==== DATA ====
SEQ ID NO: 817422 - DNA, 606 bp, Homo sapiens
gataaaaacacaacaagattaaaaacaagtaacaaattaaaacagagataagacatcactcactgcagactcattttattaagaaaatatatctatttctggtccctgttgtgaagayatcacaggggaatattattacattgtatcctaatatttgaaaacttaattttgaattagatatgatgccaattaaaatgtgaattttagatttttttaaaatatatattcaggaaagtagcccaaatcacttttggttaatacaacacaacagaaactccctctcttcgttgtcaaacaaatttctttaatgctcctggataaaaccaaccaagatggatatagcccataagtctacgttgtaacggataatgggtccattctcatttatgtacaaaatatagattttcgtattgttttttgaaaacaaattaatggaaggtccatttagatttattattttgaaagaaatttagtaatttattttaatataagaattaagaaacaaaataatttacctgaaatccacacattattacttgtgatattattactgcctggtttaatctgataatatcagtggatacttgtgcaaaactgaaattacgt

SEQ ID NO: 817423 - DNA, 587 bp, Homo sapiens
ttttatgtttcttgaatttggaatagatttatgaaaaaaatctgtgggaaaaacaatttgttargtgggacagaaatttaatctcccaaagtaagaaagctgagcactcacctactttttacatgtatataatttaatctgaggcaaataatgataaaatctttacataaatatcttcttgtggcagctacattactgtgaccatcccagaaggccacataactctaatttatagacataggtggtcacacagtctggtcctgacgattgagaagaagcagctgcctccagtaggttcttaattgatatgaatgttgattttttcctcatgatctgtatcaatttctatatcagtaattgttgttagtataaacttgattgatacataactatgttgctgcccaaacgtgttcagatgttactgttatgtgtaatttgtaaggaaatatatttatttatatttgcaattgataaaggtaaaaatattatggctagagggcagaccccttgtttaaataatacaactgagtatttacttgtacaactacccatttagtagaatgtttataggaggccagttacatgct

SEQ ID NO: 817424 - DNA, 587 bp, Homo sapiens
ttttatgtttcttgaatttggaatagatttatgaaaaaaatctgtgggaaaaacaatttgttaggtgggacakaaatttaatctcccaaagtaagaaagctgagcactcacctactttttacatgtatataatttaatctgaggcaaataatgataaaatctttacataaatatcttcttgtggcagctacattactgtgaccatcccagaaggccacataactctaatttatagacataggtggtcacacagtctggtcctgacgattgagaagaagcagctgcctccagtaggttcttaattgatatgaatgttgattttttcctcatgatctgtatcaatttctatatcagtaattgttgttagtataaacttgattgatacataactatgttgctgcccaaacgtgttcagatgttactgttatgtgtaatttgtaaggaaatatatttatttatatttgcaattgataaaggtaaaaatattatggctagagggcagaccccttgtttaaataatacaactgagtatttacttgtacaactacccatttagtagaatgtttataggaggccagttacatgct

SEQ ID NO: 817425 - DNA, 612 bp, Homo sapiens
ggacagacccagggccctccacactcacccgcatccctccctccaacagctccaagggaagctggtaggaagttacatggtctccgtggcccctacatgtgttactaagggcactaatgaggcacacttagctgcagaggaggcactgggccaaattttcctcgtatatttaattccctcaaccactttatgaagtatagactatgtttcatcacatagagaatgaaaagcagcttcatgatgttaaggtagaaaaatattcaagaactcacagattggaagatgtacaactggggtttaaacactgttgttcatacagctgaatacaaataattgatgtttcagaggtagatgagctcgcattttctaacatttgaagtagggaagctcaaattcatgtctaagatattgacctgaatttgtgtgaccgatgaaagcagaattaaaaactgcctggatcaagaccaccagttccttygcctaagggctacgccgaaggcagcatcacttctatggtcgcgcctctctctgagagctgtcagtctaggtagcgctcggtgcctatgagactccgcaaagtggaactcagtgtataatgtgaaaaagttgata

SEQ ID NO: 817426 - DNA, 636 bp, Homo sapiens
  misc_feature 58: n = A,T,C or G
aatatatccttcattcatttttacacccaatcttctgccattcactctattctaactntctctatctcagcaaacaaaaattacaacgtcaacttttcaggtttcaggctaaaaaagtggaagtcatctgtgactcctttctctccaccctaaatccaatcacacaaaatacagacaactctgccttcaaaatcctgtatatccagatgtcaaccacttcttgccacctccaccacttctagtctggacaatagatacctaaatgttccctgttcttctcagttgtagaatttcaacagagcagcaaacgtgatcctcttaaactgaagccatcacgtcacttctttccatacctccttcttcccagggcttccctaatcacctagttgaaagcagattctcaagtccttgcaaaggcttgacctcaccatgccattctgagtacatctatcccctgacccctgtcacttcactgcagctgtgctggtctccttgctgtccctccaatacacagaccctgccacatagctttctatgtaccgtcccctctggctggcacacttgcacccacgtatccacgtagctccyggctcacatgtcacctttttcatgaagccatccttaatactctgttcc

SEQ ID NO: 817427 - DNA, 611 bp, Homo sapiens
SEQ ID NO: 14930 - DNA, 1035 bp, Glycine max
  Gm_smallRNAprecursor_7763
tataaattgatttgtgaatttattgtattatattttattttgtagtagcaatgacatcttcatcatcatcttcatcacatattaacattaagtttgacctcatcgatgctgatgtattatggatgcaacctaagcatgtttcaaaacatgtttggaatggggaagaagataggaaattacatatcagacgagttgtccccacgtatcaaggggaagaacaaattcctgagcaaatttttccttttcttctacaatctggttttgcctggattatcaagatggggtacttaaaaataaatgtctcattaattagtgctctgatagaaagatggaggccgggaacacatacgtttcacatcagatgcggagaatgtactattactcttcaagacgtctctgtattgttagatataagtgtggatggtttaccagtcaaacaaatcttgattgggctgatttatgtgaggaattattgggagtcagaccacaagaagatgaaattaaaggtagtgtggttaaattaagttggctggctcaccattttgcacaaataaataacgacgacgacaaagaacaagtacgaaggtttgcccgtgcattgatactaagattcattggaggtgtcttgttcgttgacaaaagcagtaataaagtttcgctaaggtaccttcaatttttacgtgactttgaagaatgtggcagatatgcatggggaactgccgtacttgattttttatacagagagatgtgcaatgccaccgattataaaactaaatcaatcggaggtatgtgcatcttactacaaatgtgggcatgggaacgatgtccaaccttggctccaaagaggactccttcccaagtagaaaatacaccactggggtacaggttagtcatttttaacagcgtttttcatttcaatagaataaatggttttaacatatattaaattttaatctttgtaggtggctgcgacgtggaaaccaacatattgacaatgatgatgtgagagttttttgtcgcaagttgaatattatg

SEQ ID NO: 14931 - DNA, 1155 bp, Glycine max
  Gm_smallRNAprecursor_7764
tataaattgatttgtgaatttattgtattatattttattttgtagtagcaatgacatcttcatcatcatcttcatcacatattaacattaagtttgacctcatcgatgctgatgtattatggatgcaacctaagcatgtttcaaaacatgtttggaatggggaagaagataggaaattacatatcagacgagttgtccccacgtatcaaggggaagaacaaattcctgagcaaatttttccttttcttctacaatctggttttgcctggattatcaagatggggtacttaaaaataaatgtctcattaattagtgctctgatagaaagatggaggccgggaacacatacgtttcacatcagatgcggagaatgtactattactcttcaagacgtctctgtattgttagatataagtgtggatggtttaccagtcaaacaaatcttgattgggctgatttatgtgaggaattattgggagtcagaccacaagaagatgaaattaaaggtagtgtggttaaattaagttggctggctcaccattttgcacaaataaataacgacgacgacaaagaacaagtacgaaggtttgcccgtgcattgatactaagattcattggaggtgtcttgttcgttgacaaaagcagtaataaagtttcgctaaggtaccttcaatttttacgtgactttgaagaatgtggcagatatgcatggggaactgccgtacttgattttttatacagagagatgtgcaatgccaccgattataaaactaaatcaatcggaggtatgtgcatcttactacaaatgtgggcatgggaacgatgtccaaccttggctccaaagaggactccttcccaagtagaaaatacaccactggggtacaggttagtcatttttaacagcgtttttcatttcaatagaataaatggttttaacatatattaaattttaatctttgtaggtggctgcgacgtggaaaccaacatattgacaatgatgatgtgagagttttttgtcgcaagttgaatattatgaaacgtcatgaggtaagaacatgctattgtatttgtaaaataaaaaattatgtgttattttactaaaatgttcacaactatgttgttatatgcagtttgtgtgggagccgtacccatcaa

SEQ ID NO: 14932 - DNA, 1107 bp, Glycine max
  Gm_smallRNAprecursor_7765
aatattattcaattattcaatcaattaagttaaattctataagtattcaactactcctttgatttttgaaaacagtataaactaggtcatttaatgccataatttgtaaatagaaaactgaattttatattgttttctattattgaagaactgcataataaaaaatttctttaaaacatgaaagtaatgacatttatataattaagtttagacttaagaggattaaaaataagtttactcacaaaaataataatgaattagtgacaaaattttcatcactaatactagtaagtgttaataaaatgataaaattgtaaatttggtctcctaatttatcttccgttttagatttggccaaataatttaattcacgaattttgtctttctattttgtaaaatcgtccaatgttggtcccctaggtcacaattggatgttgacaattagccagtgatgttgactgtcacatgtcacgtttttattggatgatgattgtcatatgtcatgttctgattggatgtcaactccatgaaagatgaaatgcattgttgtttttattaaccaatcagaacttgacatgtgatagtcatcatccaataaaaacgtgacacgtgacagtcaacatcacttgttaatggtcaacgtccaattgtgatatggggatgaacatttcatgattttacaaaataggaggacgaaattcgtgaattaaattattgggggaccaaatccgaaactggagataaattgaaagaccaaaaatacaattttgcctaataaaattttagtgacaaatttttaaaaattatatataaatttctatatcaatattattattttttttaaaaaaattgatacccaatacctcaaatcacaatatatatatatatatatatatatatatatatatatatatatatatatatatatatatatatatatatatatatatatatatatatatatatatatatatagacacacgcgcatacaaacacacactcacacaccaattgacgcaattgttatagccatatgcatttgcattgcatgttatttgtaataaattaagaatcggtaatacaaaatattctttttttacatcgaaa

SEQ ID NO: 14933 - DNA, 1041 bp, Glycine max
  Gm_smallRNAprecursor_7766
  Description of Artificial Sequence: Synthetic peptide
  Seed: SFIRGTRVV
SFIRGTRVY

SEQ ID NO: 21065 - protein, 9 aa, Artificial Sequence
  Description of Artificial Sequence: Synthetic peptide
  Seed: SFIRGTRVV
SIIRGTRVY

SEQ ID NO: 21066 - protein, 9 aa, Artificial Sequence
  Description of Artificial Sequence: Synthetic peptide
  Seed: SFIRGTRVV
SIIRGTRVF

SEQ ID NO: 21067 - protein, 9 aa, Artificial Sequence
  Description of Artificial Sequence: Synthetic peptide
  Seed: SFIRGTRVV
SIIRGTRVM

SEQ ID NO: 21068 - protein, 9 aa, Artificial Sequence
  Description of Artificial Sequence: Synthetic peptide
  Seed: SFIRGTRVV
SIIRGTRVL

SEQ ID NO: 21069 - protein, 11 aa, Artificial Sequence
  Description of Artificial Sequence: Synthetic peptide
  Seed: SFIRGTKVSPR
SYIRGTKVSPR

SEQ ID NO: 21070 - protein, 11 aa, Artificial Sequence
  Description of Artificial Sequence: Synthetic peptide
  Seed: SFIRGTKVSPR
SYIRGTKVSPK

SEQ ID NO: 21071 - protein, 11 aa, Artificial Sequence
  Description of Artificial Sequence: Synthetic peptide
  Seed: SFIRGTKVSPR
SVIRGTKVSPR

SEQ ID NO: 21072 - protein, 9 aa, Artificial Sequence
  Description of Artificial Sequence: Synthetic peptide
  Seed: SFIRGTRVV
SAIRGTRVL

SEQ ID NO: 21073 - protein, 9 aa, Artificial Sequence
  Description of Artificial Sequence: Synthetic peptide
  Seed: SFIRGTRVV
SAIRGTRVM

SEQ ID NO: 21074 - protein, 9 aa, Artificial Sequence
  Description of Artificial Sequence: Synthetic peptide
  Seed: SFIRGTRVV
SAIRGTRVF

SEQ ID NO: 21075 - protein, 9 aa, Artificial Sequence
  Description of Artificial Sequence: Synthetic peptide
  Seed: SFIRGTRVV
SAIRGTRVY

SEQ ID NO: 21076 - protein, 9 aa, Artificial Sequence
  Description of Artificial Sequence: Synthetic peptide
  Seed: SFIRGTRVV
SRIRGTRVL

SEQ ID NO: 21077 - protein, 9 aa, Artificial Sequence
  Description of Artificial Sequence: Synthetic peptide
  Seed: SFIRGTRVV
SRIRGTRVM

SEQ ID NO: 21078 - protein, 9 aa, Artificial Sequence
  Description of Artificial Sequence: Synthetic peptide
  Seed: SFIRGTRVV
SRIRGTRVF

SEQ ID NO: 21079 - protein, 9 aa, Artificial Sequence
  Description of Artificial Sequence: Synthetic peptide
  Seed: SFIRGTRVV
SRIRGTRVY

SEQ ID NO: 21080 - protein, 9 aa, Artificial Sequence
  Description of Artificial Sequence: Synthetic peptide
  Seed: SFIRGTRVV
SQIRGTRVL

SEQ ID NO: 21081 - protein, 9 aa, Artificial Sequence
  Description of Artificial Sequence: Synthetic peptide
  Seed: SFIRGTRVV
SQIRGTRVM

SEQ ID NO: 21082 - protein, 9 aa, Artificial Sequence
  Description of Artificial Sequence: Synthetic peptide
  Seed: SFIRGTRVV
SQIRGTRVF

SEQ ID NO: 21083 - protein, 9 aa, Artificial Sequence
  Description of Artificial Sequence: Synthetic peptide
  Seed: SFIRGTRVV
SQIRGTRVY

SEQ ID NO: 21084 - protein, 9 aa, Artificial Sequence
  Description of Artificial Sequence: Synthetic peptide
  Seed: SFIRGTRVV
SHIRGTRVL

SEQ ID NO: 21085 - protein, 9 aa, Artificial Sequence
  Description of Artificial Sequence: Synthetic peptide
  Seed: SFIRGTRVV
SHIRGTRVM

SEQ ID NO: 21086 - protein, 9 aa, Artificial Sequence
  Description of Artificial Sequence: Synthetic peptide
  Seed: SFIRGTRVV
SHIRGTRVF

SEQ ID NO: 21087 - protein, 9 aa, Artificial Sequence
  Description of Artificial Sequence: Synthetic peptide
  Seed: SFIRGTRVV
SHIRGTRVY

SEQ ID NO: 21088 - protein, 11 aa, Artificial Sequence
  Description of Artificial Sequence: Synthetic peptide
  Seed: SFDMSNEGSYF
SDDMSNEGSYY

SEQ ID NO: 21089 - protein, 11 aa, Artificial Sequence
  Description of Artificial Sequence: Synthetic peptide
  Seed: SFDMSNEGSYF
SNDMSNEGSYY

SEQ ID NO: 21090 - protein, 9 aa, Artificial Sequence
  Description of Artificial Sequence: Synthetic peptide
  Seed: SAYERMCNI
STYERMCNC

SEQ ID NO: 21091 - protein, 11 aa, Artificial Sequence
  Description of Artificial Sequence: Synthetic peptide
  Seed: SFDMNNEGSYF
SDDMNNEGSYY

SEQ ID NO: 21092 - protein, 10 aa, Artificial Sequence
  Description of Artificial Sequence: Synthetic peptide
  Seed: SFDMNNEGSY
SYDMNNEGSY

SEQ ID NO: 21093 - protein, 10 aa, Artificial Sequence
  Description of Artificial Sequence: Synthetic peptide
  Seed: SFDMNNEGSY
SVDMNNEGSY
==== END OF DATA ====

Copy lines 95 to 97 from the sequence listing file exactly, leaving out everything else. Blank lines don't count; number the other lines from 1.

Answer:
SEQ ID NO: 21082 - protein, 9 aa, Artificial Sequence
  Description of Artificial Sequence: Synthetic peptide
  Seed: SFIRGTRVV